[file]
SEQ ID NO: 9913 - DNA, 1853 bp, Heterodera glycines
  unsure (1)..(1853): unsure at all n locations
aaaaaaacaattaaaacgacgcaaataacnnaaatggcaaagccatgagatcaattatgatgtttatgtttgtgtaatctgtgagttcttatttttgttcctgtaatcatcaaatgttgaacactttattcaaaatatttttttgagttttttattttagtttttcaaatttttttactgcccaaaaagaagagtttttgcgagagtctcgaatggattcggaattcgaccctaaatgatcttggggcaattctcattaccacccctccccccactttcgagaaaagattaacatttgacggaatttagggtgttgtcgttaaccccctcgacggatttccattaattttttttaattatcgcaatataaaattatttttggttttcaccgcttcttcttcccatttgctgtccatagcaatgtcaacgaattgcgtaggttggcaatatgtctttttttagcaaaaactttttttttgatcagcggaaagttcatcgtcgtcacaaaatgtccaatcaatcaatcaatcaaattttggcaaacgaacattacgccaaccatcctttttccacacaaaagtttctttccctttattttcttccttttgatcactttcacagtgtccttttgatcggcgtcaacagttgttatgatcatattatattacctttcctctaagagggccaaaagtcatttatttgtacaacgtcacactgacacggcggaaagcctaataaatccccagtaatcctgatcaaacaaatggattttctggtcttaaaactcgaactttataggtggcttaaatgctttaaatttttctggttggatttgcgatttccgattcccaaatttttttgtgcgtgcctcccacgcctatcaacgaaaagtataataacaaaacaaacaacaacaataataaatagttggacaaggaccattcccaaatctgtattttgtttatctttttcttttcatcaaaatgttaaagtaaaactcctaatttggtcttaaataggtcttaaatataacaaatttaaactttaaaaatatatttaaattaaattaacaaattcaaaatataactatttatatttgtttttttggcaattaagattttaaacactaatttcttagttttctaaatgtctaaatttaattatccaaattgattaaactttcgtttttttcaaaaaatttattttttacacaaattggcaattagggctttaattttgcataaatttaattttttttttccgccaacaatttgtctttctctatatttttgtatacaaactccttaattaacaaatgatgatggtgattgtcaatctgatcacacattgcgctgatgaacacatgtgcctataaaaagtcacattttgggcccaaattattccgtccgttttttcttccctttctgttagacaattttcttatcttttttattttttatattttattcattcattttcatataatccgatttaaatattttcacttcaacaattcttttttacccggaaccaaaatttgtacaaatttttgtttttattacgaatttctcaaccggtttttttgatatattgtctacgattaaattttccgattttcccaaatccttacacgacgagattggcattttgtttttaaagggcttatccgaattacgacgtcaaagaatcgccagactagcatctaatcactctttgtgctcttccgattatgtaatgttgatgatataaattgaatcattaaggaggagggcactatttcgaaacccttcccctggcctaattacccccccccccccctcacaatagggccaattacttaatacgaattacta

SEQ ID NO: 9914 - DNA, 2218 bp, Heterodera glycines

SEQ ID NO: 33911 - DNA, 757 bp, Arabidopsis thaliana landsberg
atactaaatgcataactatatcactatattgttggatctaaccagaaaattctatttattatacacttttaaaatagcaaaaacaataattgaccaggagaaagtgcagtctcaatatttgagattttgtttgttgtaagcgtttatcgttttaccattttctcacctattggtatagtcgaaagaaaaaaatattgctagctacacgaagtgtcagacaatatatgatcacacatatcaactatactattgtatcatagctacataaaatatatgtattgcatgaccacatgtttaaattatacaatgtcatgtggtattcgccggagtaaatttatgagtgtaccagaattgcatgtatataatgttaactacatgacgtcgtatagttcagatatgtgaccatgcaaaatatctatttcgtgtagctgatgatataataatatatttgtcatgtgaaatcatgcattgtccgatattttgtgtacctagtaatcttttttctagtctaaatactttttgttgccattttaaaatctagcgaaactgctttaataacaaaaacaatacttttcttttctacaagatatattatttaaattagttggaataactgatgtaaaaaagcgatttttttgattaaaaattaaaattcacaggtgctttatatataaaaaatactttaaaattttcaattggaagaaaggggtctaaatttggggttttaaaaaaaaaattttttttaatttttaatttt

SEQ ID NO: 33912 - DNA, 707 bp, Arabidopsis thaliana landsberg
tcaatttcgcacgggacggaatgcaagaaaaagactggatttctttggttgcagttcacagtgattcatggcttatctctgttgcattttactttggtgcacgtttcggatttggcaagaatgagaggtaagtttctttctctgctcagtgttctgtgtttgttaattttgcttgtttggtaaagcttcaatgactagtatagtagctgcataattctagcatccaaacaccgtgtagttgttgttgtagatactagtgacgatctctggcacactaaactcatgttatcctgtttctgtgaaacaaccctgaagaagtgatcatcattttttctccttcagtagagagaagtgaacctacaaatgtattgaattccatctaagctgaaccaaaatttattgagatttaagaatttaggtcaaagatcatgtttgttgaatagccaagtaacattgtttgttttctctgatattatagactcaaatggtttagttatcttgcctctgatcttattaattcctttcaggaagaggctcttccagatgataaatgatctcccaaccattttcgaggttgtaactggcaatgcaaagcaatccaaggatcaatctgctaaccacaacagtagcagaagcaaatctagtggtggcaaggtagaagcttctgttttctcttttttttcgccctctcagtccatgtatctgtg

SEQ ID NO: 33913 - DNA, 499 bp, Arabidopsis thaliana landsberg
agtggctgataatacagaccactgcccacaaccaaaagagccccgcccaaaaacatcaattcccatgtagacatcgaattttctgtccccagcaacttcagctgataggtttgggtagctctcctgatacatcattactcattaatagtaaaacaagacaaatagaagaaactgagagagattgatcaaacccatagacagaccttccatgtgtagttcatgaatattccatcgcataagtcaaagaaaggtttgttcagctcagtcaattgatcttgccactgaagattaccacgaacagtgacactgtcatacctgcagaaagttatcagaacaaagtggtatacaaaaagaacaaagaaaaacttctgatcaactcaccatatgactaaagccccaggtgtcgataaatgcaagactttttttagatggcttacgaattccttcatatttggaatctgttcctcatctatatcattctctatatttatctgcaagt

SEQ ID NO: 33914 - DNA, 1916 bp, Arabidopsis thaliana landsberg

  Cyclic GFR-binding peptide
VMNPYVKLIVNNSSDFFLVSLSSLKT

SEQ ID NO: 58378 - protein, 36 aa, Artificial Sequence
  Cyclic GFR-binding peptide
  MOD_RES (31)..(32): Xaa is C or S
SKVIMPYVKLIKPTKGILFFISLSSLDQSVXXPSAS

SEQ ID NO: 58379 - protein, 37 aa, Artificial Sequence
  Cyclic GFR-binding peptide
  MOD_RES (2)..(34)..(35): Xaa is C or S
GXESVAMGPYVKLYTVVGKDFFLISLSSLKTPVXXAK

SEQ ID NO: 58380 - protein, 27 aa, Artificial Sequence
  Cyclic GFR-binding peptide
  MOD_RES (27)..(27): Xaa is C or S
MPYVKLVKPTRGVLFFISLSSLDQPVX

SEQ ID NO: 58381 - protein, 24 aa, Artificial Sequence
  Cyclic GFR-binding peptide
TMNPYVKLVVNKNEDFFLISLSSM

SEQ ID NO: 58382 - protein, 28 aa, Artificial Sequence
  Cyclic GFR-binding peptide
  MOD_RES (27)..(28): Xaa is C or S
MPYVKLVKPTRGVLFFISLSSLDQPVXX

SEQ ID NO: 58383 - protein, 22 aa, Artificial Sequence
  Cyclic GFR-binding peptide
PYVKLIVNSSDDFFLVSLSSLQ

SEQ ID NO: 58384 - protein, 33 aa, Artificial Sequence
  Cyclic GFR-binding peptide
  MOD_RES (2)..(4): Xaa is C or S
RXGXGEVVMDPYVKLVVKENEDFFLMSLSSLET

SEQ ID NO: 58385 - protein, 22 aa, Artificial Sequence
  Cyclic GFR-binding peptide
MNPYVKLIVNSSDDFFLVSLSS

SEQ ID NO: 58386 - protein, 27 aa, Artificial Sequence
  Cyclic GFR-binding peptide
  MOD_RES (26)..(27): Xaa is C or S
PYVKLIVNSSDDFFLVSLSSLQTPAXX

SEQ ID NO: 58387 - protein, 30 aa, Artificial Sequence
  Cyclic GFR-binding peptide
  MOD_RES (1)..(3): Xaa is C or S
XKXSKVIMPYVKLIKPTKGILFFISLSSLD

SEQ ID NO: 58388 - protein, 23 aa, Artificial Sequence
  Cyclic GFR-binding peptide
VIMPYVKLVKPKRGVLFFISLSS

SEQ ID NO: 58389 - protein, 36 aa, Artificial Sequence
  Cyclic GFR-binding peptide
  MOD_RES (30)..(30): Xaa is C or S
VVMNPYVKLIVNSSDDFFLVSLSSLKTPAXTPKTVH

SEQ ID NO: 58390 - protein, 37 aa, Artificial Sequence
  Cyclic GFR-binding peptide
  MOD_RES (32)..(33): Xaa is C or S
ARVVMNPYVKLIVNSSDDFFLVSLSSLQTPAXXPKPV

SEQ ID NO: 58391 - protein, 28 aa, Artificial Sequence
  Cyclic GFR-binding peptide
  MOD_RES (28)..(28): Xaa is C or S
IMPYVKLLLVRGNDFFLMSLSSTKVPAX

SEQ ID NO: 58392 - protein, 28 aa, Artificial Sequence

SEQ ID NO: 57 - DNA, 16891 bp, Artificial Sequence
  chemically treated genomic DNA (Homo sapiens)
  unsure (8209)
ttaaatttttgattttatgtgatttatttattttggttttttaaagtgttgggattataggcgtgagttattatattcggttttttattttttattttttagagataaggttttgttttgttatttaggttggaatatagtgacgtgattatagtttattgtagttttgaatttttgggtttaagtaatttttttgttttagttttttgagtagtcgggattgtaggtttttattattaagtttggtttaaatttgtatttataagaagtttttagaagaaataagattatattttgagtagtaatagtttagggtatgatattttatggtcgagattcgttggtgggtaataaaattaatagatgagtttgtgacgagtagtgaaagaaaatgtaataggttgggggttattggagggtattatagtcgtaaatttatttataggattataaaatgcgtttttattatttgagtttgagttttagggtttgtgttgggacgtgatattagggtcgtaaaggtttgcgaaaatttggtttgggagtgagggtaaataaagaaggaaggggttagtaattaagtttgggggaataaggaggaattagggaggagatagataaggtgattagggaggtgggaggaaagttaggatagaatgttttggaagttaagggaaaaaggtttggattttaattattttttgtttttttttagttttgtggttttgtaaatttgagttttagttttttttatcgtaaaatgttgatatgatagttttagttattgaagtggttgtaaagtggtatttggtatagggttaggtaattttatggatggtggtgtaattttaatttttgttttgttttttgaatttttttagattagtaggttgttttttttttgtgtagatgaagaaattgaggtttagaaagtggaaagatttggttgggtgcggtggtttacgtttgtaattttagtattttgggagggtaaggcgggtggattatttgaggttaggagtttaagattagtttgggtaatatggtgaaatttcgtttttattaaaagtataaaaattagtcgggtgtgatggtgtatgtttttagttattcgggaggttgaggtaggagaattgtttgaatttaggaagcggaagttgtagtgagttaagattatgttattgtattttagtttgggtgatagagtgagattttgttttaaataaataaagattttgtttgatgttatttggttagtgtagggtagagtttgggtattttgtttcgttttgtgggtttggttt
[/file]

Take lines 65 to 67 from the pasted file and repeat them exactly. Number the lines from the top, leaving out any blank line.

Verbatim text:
IMPYVKLLLVRGNDFFLMSLSSTKVPAX

SEQ ID NO: 58392 - protein, 28 aa, Artificial Sequence

SEQ ID NO: 57 - DNA, 16891 bp, Artificial Sequence